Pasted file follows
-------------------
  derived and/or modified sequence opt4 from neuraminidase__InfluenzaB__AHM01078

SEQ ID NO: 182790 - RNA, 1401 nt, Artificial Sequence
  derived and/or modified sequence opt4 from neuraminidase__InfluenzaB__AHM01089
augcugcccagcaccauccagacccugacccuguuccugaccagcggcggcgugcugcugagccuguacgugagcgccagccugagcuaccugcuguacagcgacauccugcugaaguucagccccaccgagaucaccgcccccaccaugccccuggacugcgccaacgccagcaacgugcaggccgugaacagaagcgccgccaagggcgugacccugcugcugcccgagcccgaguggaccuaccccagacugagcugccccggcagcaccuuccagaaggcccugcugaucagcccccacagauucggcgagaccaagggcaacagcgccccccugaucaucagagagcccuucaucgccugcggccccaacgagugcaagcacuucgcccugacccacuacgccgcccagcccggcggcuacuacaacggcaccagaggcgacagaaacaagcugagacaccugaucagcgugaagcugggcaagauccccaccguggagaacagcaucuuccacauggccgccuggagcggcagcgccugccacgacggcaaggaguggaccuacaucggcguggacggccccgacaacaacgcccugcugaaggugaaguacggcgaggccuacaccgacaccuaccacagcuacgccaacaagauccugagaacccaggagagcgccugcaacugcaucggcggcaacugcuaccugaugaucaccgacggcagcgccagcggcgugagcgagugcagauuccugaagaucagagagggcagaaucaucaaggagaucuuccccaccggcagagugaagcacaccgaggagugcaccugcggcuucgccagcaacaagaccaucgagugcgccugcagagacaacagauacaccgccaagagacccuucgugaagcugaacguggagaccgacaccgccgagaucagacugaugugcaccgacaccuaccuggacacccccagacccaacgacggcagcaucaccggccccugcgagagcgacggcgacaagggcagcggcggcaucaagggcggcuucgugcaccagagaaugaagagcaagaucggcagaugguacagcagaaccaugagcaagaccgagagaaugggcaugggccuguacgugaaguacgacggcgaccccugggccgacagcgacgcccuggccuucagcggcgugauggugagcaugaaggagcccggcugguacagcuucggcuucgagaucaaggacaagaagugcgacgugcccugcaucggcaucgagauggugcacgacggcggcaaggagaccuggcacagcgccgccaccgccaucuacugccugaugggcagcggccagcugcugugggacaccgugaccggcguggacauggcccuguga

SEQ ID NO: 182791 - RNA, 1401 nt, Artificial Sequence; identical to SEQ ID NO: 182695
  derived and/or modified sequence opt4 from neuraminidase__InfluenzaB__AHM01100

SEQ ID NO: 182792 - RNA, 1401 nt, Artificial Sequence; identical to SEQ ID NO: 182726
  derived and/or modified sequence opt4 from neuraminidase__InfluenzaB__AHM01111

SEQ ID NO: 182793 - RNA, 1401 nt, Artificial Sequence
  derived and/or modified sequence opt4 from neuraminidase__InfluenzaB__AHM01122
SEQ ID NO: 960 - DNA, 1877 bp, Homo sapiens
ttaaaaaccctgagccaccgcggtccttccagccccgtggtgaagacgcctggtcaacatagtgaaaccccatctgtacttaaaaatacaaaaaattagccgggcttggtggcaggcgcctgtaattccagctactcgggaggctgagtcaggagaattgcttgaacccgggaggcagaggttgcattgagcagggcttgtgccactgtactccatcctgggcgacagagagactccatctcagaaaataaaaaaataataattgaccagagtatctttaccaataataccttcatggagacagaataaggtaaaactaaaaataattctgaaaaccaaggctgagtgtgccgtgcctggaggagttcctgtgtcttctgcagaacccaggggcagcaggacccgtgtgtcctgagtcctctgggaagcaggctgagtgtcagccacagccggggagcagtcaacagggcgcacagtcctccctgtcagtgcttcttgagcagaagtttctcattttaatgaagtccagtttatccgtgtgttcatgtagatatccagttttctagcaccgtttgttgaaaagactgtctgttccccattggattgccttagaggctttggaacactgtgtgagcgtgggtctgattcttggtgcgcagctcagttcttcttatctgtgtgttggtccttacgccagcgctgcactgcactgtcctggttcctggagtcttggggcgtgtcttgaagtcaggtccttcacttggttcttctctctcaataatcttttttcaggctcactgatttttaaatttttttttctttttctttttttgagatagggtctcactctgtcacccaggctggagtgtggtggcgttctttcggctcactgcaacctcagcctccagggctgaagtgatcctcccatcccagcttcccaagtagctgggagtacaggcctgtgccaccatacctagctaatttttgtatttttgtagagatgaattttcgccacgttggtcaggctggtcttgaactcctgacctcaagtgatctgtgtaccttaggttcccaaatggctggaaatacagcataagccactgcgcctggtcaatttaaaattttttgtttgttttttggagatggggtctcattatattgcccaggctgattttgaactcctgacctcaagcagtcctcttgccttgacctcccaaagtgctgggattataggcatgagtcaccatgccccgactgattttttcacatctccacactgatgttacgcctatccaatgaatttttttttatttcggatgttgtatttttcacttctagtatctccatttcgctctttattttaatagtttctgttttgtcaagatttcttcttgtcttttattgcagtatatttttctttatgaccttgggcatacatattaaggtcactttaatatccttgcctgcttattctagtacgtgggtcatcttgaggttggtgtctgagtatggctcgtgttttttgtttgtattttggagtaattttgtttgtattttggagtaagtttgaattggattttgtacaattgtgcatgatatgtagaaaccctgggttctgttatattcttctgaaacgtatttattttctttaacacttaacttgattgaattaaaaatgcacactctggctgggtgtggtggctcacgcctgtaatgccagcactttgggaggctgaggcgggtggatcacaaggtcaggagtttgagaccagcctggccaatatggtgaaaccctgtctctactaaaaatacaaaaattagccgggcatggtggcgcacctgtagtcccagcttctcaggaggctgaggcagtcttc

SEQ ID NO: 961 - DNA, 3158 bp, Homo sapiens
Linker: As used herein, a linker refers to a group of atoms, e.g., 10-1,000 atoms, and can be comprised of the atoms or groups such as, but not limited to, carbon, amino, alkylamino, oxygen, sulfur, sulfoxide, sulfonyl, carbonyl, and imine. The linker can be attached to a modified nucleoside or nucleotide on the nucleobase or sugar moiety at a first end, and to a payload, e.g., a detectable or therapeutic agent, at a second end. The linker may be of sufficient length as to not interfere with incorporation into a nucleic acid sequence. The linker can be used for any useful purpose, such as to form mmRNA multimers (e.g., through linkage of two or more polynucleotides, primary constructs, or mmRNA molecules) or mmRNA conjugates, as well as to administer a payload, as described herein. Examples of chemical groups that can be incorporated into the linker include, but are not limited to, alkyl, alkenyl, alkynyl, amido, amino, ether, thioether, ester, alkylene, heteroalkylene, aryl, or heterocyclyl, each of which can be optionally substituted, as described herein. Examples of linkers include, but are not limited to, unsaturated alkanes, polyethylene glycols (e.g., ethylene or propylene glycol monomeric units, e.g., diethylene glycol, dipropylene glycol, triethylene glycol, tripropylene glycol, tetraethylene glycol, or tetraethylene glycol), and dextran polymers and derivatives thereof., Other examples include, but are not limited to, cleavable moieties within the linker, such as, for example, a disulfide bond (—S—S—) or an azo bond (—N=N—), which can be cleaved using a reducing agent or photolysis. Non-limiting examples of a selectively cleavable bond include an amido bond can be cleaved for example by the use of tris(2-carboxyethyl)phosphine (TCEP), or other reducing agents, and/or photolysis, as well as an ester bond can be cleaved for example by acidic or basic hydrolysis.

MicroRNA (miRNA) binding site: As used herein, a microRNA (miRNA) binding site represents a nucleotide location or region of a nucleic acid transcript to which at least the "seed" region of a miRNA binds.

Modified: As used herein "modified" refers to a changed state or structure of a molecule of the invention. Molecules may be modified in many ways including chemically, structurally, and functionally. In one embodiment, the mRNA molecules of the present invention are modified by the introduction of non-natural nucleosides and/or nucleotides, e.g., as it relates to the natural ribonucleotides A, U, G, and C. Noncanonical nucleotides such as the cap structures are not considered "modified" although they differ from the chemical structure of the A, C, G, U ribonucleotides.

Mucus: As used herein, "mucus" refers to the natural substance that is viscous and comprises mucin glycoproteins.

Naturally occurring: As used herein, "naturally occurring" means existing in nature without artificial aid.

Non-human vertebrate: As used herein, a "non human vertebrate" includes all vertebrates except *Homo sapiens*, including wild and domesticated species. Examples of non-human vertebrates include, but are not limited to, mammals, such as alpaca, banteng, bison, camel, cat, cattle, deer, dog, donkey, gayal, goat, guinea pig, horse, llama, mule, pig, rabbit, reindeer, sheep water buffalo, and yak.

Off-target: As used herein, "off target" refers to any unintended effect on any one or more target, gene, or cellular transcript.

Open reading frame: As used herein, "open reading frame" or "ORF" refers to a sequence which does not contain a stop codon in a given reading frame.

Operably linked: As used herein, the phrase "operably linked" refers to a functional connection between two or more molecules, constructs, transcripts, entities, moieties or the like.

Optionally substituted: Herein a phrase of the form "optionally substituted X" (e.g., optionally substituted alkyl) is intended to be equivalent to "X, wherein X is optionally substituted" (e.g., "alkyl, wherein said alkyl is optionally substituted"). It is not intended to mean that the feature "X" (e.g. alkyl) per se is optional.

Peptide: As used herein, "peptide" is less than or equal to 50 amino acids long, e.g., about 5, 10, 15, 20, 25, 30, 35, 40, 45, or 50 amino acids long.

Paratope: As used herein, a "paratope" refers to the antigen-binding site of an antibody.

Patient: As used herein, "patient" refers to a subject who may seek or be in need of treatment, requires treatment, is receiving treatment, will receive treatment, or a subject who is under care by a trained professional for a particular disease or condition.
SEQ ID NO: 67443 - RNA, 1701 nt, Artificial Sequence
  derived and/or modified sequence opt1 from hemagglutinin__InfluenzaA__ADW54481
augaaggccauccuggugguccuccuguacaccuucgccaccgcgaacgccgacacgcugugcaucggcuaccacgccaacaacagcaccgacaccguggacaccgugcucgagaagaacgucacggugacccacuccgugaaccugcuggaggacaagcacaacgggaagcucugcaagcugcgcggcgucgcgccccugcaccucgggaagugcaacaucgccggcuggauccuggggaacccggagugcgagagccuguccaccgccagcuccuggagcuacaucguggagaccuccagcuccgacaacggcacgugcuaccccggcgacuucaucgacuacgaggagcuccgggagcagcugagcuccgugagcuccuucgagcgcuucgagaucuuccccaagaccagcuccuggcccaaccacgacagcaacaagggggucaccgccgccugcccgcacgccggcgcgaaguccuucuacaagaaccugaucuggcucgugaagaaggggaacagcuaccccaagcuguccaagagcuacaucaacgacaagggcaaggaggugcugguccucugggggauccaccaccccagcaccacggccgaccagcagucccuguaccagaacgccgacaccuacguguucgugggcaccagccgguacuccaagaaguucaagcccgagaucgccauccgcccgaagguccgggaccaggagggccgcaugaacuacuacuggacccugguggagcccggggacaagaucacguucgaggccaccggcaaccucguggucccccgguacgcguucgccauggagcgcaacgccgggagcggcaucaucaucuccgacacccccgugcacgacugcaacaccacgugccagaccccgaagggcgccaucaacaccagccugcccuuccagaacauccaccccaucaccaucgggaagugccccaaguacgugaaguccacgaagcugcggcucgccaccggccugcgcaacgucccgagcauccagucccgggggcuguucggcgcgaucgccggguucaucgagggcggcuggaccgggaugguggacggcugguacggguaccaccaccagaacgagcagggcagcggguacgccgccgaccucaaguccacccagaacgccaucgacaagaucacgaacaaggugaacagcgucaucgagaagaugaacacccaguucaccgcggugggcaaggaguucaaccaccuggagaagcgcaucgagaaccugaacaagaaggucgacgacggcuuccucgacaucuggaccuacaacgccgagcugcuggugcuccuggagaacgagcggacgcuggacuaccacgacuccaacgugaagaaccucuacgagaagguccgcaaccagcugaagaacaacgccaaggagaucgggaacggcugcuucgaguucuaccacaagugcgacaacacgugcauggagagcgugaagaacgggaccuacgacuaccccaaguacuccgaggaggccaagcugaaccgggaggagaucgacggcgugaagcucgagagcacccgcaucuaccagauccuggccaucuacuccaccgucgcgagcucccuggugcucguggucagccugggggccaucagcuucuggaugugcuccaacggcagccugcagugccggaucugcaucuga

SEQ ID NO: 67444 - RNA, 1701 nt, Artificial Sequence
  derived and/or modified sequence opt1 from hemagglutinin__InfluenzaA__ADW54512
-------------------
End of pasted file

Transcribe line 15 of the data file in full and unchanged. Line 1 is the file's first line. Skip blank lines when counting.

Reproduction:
MicroRNA (miRNA) binding site: As used herein, a microRNA (miRNA) binding site represents a nucleotide location or region of a nucleic acid transcript to which at least the "seed" region of a miRNA binds.